really cool, once i build my own press i want to try weird experiments, could you try auger bits/ old hand drill wood bits? i think the spiral would make a cool clock look, each tile would be at a different angle. and if you used really small ball bearings they could be in between the spirals.

  • SirStony1
    SirStony1 7 ай бұрын

    just one question, why don't you use borax/flux to maybe weld the material better? But I like the idea of creating a new kind of damascus.

  • peltier eric
    peltier eric  Жыл бұрын

    You are using 2 drastically different steels, a simple 10 series carbon steel and a very finicky high tech bearing steel. Maybe if you used something more similar but that would still contrast the powdered steel it might have worked better. Also the 52100 was being worked colder than 1700 degrees which is likely the biggest problem leading to the failures

    • peltier eric
      peltier eric  Жыл бұрын

      @Fire Creek Forge I didn’t say it wasn’t possible I said you were using a very finicky steel and the temp range is like 2000 degrees and don’t forge at all below 1700. Maybe your camera played tricks with the colors but it certainly looked to get into that 1600 and even 1500 temp range a couple times once you removed it from the mild steel

    • Fire Creek Forge
      Fire Creek Forge   Жыл бұрын

      I've forge welded 52100 with the 1080 powder lots of times, and was forging it near welding heat. The lack of pressure against all surfaces (difficult to do in this case) during welding was the cause I believe.

  • D Sikes
    D Sikes 2 ай бұрын +1

    Would doing the stripes like they do a ladder pattern work to make a tiger stripe?

  • tangobravo
    tangobravo  Жыл бұрын

    Suggestion: 4, 1/8” layers, 1070-1095 HC, randomly cut with the bandsaw. Clean up each layer and weld the cuts with a hard, high nickel bead, mill flat, repeat 4 times. Stack and edge spot weld the 4 layers, rip it down the middle, stack both halves onto a solid core of thin leaf spring and draw that out. 🤷🏼‍♂️

  • Darryl W. Perry
    Darryl W. Perry  Жыл бұрын +2

    I think a san mai with a piece of solid steel for the edge & spine would work

  • Troy Swain
    Troy Swain  Жыл бұрын

    Glad I’m not the only guy that turns quality steel into garbage. I seem to have real gift for it 😋
    Of course I’m just trying basic Damascus not fancy out of the box stuff like this. Hopefully you try again because that could turn out pretty cool looking.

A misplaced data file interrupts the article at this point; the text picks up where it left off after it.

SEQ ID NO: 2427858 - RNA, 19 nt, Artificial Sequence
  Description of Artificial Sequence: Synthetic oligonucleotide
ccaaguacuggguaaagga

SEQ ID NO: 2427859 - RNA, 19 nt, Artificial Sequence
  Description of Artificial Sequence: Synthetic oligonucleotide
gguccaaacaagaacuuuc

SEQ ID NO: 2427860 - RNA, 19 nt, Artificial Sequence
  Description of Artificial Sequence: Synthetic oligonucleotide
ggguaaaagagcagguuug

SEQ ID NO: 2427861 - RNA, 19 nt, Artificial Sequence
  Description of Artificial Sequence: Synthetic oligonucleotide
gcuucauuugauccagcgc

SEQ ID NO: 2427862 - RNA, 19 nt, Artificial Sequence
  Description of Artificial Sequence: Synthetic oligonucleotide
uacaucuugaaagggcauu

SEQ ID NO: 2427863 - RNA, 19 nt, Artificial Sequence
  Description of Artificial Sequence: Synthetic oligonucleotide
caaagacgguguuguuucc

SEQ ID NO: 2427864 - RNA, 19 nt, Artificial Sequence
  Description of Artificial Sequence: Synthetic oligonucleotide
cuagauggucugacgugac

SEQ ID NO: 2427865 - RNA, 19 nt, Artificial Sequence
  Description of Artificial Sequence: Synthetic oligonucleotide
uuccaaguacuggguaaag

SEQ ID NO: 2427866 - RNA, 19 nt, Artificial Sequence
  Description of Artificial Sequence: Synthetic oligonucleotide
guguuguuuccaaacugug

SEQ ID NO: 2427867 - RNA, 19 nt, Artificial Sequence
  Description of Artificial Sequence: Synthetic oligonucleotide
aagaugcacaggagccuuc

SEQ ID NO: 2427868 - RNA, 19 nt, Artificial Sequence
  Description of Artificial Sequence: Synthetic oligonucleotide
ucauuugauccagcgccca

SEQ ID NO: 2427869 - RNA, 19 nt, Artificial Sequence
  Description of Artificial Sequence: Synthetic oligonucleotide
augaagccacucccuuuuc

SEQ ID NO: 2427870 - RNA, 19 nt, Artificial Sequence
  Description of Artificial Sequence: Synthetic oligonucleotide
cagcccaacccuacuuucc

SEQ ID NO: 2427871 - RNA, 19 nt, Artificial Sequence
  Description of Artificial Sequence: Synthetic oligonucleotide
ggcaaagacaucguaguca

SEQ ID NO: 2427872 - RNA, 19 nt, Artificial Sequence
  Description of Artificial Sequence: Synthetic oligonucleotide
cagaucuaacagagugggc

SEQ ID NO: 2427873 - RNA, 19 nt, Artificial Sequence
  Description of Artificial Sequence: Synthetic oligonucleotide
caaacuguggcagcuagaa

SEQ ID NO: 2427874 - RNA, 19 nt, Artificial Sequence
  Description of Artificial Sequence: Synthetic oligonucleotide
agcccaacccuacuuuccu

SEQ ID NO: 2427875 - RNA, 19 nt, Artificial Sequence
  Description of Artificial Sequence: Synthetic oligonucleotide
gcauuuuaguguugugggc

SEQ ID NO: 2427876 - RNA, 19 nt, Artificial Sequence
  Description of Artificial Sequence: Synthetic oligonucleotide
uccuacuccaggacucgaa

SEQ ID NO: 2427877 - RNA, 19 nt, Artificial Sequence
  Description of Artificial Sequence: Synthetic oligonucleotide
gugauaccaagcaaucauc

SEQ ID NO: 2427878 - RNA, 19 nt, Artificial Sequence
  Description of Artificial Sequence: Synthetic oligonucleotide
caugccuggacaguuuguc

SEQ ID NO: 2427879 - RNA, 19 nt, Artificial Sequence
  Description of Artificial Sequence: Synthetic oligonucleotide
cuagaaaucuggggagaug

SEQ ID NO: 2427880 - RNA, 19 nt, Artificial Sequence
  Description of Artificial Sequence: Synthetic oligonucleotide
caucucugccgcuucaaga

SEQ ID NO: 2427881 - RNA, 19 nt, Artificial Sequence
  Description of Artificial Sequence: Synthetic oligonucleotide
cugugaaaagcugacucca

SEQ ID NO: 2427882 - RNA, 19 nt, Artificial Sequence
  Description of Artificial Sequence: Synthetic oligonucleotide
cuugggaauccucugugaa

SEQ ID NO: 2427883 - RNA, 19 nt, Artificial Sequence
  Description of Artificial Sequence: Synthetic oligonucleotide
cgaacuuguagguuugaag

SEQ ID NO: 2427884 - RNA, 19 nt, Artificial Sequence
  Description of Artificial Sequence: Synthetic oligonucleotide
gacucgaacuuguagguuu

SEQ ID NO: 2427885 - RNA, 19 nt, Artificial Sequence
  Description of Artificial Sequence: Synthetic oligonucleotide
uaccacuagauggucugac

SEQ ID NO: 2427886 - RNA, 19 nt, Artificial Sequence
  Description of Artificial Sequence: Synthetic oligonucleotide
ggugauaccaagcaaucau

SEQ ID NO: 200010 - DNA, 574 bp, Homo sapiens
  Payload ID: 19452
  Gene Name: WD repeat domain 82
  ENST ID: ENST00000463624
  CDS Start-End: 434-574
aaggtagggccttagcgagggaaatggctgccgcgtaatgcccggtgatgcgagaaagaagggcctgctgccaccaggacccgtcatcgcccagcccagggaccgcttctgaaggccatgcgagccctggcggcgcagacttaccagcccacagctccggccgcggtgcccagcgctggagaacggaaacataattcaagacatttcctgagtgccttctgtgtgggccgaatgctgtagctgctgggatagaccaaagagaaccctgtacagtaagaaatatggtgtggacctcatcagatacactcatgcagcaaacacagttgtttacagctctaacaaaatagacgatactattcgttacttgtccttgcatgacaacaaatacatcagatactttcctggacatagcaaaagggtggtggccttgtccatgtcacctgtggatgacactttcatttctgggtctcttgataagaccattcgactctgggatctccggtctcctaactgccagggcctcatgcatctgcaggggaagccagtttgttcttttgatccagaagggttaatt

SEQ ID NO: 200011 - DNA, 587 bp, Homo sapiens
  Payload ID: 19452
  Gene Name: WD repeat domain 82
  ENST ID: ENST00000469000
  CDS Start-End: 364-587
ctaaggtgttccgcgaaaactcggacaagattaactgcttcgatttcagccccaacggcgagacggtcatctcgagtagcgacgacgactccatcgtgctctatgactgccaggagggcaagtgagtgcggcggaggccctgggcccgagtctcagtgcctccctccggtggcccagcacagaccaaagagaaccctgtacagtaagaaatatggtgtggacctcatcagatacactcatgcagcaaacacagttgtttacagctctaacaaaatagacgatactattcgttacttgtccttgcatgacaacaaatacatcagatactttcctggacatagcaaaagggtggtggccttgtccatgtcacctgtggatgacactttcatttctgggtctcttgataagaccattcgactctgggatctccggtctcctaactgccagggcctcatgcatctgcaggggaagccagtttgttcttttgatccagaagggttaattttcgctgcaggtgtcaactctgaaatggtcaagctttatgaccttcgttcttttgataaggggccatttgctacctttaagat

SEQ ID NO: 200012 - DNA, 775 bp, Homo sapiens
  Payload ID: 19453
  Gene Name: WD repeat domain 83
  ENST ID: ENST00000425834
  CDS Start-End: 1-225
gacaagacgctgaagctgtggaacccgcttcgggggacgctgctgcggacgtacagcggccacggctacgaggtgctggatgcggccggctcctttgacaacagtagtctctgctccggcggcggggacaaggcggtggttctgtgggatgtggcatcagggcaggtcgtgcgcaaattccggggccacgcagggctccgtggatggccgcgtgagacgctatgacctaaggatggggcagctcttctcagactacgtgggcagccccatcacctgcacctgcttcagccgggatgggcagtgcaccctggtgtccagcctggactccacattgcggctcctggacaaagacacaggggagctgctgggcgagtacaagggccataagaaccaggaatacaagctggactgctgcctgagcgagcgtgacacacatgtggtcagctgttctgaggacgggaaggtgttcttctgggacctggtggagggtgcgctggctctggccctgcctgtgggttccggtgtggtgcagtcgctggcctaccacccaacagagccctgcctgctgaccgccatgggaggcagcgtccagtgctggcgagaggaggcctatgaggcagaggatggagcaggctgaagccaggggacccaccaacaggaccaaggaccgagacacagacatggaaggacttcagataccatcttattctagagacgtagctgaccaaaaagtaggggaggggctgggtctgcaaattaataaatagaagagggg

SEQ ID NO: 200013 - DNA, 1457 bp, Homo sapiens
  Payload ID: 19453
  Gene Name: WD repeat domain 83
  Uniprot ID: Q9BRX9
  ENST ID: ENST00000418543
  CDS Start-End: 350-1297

• NobelDnoble
    NobelDnoble  Жыл бұрын +1

    Congrats!...you invented a new way to make chips!....sweet experiment, to bad it didnt work out the way you imagined!....keep it up!

  • William Andrews
    William Andrews  Жыл бұрын

    Did you quench in water? Doesn’t that induce further stress in steel?

  • Richard Bryant
    Richard Bryant  Жыл бұрын +23

    Break it and stack the pieces and forge weld those, still might be good pattern. God bless sir

    • Vicky S
      Vicky S 2 ай бұрын

      Actually that would be a good idea. Japanese sword makers do just that. Look at what they end with.

    • Laird Cummings
      Laird Cummings 6 ай бұрын

      Probably not enough material left to build a new blade in that manner.

    • Aron Kovcin
      Aron Kovcin 9 ай бұрын +2

      @Mangroveoftoes I agree. Through the restacking and reforging(under the proper heat), this billet could be reused to make useable blade steel. Though the original pattern would most certainly be lost.

    • Mangroveoftoes
      Mangroveoftoes  Жыл бұрын +5

      @Liquid Midnight07 Take it from another knife maker grain structure has to do with the heat treatment not the cold shuts in the steel so Cutting it up and re-welding in forging it back out would’ve been good.

    • Liquid Midnight07
      Liquid Midnight07  Жыл бұрын +1

      The grain structure was terrible and became really brittle. No possible way to stack it and reweld it.

  • Steven Booth
    Steven Booth  Жыл бұрын

    Restect the pieces that you broke off, keep folding the steel, you can still get the pattern, do a semi with a hardcore to it, you might be onto something🤔

  • spacegoat
    spacegoat  Жыл бұрын +2

    Make a crucible steel billet out of the scraps and do a wootz knife!

  • Pablo Megier
    Pablo Megier  Жыл бұрын

    How did you clean the inside of the cuts?